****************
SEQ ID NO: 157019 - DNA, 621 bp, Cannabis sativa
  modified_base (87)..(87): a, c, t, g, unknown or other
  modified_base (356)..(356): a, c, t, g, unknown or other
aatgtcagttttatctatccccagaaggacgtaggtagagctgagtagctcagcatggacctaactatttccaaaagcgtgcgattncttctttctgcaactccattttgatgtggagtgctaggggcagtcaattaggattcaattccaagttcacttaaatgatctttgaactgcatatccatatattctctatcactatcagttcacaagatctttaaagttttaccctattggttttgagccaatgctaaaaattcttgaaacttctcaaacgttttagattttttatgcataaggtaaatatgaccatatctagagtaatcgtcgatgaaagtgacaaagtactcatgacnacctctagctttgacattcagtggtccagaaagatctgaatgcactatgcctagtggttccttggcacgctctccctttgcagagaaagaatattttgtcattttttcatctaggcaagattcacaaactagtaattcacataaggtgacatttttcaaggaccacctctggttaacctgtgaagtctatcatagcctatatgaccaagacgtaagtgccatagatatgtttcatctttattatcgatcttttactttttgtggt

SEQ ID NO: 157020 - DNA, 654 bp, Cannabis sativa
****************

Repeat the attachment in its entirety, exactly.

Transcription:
SEQ ID NO: 157019 - DNA, 621 bp, Cannabis sativa
  modified_base (87)..(87): a, c, t, g, unknown or other
  modified_base (356)..(356): a, c, t, g, unknown or other
aatgtcagttttatctatccccagaaggacgtaggtagagctgagtagctcagcatggacctaactatttccaaaagcgtgcgattncttctttctgcaactccattttgatgtggagtgctaggggcagtcaattaggattcaattccaagttcacttaaatgatctttgaactgcatatccatatattctctatcactatcagttcacaagatctttaaagttttaccctattggttttgagccaatgctaaaaattcttgaaacttctcaaacgttttagattttttatgcataaggtaaatatgaccatatctagagtaatcgtcgatgaaagtgacaaagtactcatgacnacctctagctttgacattcagtggtccagaaagatctgaatgcactatgcctagtggttccttggcacgctctccctttgcagagaaagaatattttgtcattttttcatctaggcaagattcacaaactagtaattcacataaggtgacatttttcaaggaccacctctggttaacctgtgaagtctatcatagcctatatgaccaagacgtaagtgccatagatatgtttcatctttattatcgatcttttactttttgtggt

SEQ ID NO: 157020 - DNA, 654 bp, Cannabis sativa